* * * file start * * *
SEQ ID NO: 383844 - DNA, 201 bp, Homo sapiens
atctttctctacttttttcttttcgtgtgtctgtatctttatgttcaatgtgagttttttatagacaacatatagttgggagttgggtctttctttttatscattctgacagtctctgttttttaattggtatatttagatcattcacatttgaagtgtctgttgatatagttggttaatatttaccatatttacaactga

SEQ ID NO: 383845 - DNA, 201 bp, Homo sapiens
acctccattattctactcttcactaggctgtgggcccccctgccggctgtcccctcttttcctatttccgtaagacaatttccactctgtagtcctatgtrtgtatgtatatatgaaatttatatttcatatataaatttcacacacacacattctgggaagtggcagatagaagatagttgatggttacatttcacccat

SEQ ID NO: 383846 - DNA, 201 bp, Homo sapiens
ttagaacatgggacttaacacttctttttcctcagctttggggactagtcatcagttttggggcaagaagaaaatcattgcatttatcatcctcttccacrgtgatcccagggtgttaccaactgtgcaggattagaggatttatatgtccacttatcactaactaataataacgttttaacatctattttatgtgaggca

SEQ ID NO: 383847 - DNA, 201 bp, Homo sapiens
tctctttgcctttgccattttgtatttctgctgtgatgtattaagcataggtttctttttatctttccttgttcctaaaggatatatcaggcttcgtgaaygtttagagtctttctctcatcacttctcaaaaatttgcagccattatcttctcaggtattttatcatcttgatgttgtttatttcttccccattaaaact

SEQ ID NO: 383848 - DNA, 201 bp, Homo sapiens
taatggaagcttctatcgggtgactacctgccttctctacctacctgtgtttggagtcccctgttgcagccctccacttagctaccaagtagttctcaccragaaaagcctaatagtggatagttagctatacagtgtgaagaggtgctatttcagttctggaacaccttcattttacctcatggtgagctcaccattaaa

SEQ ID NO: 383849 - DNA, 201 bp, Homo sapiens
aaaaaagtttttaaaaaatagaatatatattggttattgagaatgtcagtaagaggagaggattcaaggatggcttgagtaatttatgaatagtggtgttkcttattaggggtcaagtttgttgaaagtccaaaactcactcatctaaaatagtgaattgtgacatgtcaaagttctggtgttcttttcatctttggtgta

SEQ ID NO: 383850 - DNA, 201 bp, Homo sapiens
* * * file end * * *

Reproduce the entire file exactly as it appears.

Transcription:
SEQ ID NO: 383844 - DNA, 201 bp, Homo sapiens
atctttctctacttttttcttttcgtgtgtctgtatctttatgttcaatgtgagttttttatagacaacatatagttgggagttgggtctttctttttatscattctgacagtctctgttttttaattggtatatttagatcattcacatttgaagtgtctgttgatatagttggttaatatttaccatatttacaactga

SEQ ID NO: 383845 - DNA, 201 bp, Homo sapiens
acctccattattctactcttcactaggctgtgggcccccctgccggctgtcccctcttttcctatttccgtaagacaatttccactctgtagtcctatgtrtgtatgtatatatgaaatttatatttcatatataaatttcacacacacacattctgggaagtggcagatagaagatagttgatggttacatttcacccat

SEQ ID NO: 383846 - DNA, 201 bp, Homo sapiens
ttagaacatgggacttaacacttctttttcctcagctttggggactagtcatcagttttggggcaagaagaaaatcattgcatttatcatcctcttccacrgtgatcccagggtgttaccaactgtgcaggattagaggatttatatgtccacttatcactaactaataataacgttttaacatctattttatgtgaggca

SEQ ID NO: 383847 - DNA, 201 bp, Homo sapiens
tctctttgcctttgccattttgtatttctgctgtgatgtattaagcataggtttctttttatctttccttgttcctaaaggatatatcaggcttcgtgaaygtttagagtctttctctcatcacttctcaaaaatttgcagccattatcttctcaggtattttatcatcttgatgttgtttatttcttccccattaaaact

SEQ ID NO: 383848 - DNA, 201 bp, Homo sapiens
taatggaagcttctatcgggtgactacctgccttctctacctacctgtgtttggagtcccctgttgcagccctccacttagctaccaagtagttctcaccragaaaagcctaatagtggatagttagctatacagtgtgaagaggtgctatttcagttctggaacaccttcattttacctcatggtgagctcaccattaaa

SEQ ID NO: 383849 - DNA, 201 bp, Homo sapiens
aaaaaagtttttaaaaaatagaatatatattggttattgagaatgtcagtaagaggagaggattcaaggatggcttgagtaatttatgaatagtggtgttkcttattaggggtcaagtttgttgaaagtccaaaactcactcatctaaaatagtgaattgtgacatgtcaaagttctggtgttcttttcatctttggtgta

SEQ ID NO: 383850 - DNA, 201 bp, Homo sapiens